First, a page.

Surprise! Surprises are only fun if they are the good kind; winning the lottery, walking out on Christmas day to a beautiful Lexus with a big red bow or just coming home from a long hard day to clean and folded laundry. But there is something more to the idea of surprises; they are a critical component of innovation and success if only we could learn to harness them.
This is the message of my latest summer read, a new book called Leapfrogging: Harness the Power of Surprise for Business Breakthroughs by Soren Kaplan (@sorenkaplan).
The quickest way to get to the core of Leapfrogging is to give you the definition that sits on Soren Kaplan’s Twitter profile and the first page of the introduction:
“Leapfrogging is about changing the game—creating or doing something radically new or different that produces a significant leap forward.”
Hmmm, sounds a little like innovation to me – maybe it’s innovation for the new world of work.
Early in the book, Kaplan gives us his philosophy on Leapfrogging, surprises and their connection to breakthroughs – here are a couple of them:
Business breakthroughs deliver surprise: Our brains are wired to appreciate positive surprise. Great ideas surprise us with a strong dose of remarkable newness in ways that add value to our lives and challenge our assumptions about what we thought possible.
Surprises are strategic tools that drive breakthroughs. By proactively seeking out and using surprises as “guideposts” when they occur, we can gain new insights, generate ideas and discover new directions.
This is the core message of the book and it’s supported by Kaplan’s “LEAP” process which stands for:
Listen – Start with yourself and not the market. All the market research in the world can actually hinder innovation.
Explore – Go outside to stretch the inside. Our blind spots – or the areas that we don’t know, that we don’t know , are holding us back from breakthroughs. Once we uncover these blind spots, our minds are opened up to see things differently.
Act – Take small simple steps again and again and again. Don’t assume that your breakthrough will come from one big brilliant idea. Take small steps toward your goal.
Persist – Take the surprise out of failure. You can’t succeed without failing. In fact, failure is mandatory, especially if you are creating something new and different. The world isn’t structured for this new thing you are creating. So stop being surprised that you failed. YAY for failure!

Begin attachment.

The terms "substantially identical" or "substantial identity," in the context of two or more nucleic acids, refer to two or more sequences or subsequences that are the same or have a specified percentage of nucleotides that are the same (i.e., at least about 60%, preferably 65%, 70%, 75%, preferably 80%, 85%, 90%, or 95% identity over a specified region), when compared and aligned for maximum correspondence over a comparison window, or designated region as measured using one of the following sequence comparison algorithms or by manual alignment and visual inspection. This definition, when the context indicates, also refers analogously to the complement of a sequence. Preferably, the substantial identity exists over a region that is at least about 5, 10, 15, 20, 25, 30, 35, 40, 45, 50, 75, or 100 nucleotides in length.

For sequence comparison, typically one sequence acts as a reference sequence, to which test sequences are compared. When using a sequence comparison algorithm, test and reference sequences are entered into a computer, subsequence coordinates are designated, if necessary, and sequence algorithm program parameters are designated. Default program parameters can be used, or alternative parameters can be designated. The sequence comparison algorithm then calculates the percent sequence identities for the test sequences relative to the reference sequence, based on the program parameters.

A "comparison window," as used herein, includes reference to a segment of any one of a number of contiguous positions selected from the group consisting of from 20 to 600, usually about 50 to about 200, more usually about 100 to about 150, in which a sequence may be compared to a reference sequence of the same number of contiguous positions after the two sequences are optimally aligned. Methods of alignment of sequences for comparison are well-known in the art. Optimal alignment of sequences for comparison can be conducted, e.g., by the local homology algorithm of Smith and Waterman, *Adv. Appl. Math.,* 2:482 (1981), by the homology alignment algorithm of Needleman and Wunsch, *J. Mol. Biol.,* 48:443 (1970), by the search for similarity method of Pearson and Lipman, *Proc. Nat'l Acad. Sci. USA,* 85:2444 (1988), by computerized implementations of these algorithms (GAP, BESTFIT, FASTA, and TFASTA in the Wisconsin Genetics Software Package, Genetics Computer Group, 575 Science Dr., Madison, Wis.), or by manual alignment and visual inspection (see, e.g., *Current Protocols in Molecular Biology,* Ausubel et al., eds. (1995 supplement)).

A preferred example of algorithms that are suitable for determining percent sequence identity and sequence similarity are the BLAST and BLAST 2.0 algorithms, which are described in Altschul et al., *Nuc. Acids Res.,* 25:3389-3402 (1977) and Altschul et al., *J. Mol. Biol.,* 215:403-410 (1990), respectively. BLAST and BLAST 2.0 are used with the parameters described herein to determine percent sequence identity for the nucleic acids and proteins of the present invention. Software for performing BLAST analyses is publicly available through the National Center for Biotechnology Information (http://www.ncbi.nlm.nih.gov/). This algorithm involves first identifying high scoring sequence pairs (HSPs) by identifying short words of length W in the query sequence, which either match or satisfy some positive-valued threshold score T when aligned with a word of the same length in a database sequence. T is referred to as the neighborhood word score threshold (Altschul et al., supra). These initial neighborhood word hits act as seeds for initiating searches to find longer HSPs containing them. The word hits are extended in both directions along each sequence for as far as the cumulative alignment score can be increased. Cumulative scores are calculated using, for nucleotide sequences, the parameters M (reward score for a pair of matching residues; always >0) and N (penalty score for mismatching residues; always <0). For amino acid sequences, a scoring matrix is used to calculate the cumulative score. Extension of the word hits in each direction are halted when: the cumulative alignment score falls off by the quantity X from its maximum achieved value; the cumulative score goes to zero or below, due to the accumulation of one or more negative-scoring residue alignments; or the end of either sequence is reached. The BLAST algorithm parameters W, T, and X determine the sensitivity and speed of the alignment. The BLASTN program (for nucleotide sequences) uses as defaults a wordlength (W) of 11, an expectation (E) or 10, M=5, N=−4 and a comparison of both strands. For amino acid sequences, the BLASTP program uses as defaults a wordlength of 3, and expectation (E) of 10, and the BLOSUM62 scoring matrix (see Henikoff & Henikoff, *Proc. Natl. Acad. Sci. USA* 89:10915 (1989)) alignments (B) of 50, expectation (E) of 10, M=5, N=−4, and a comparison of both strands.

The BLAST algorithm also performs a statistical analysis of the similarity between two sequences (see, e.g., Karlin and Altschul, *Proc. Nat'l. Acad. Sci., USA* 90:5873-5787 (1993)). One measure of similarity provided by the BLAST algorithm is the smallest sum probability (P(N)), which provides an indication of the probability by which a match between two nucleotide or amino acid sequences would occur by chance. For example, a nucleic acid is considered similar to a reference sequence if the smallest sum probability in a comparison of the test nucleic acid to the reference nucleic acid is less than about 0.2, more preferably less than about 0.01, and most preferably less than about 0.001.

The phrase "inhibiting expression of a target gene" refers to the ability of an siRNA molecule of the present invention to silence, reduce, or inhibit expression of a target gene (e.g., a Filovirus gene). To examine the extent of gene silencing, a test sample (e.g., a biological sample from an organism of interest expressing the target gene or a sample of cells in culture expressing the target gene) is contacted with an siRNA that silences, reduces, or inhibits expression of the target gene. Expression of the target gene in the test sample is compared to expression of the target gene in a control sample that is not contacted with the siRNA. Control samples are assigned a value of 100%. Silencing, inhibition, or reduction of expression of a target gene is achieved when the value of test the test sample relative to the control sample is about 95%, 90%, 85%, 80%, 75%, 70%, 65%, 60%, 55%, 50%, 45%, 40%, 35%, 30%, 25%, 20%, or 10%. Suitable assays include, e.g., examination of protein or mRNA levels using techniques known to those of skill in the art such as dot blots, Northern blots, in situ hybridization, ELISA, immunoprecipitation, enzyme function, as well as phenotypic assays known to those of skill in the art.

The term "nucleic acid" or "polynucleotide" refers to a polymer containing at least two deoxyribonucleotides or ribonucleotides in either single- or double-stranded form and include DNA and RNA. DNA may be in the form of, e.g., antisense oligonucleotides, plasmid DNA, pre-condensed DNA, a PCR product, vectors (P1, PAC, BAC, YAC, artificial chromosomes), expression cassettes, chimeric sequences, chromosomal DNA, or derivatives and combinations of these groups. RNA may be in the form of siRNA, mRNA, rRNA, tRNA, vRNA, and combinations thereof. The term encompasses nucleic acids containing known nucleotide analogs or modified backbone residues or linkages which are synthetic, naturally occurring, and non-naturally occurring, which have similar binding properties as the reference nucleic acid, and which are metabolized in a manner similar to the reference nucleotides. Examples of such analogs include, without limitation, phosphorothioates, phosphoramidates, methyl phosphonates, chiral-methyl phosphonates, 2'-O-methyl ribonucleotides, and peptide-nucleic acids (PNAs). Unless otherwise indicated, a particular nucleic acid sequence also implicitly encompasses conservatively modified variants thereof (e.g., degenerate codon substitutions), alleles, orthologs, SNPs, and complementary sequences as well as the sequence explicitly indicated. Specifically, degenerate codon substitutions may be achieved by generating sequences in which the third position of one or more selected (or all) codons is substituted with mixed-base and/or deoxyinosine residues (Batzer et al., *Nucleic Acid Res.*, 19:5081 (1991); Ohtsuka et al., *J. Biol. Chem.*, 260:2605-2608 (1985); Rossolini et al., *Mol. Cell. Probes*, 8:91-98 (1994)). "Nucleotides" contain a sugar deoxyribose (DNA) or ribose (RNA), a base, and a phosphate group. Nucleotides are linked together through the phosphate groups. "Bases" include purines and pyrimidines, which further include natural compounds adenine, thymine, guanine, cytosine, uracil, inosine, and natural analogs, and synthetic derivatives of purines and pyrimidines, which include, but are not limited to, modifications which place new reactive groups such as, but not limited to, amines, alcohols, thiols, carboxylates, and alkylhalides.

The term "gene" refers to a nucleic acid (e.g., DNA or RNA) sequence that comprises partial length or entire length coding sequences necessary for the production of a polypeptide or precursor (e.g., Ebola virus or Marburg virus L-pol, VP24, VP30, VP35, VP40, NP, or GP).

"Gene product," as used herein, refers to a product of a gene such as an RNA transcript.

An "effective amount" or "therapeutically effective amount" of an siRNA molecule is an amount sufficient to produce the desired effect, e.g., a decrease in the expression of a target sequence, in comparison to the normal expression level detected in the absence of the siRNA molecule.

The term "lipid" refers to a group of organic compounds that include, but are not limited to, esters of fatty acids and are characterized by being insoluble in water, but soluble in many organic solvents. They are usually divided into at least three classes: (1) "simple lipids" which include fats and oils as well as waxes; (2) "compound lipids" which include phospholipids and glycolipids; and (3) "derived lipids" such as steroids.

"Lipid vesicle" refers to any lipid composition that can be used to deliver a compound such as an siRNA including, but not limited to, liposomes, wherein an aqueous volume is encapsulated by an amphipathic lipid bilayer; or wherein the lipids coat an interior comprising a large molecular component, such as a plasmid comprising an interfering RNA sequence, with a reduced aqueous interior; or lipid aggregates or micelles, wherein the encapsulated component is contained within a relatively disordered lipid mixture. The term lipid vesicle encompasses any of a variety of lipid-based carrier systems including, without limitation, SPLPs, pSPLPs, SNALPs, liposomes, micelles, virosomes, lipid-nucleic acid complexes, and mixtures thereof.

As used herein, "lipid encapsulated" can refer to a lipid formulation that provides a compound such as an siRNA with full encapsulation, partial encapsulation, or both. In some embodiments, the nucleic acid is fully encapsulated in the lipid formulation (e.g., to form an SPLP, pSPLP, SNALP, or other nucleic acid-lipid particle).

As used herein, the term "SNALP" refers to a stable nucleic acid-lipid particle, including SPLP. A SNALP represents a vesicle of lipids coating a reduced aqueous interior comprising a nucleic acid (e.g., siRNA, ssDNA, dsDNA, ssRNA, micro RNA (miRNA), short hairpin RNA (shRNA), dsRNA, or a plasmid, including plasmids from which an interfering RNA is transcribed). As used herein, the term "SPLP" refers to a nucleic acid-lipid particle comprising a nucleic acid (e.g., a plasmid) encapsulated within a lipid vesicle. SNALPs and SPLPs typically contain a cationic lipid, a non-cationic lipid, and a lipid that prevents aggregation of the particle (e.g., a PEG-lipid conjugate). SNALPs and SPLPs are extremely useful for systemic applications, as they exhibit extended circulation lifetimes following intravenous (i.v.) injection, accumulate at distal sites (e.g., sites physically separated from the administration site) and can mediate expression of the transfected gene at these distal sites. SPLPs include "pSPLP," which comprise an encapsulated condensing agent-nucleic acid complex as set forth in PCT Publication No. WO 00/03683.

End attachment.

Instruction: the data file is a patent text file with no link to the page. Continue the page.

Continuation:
Seize – Make the journey part of the surprising destination. Focus on your bigger purpose and practice humility. That way you’ll see the road signs that will take you where the breakthrough is.
Soren Kaplan is a Living Leapfrogger
Soren Kaplan is the Founder and Managing Principal of InnovationPoint. He leads strategic initiatives and provides leadership development for organizations that include Colgate-Palmolive, Disney, Pepsi, Visa and many more familiar brands. He is also and Adjunct Professor within Imagineering Academy and NHTC Breda University of Applied Sciences in the Netherlands.
We meet our author in the beginning of the book as he’s headed into a Paris café to write this book. At the time it was still an idea about how business owners and companies create business breakthroughs. That’s when he has a leapfrogging moment – right there in the café! That’s when I realize that he’s not just researching and writing about a topic, but actually living it and allowing his insights to impact how he lives in the world.
Over the course of his research with major organizations and his experience in the field, he’s outlined a process and a way of behaving in the world that makes transforms surprises into breakthroughs and breakthroughs into innovations.
Why Read This Book?
Aside from the fact that it is interesting and entertaining, you’ll want to read this book because it will have you reflecting on all the different ways that you are disrupting the breakthrough process for yourself. The start of each chapter has the top ideas frontloaded so that you can reflect on the key points as you read through the case studies.
You’ll also find reflective “questions to consider” at the end of chapters and sections that you can answer for yourself, in a journal or along with your team.
I’d recommend this book to any small business team or corporate team. It’s a book worth reading as a group and talking about. I think that teams will uncover a handful of practices and strategies that they can use inside their organizations that, when put into practice, will create breakthroughs and innovations that will take their business forward in any economy.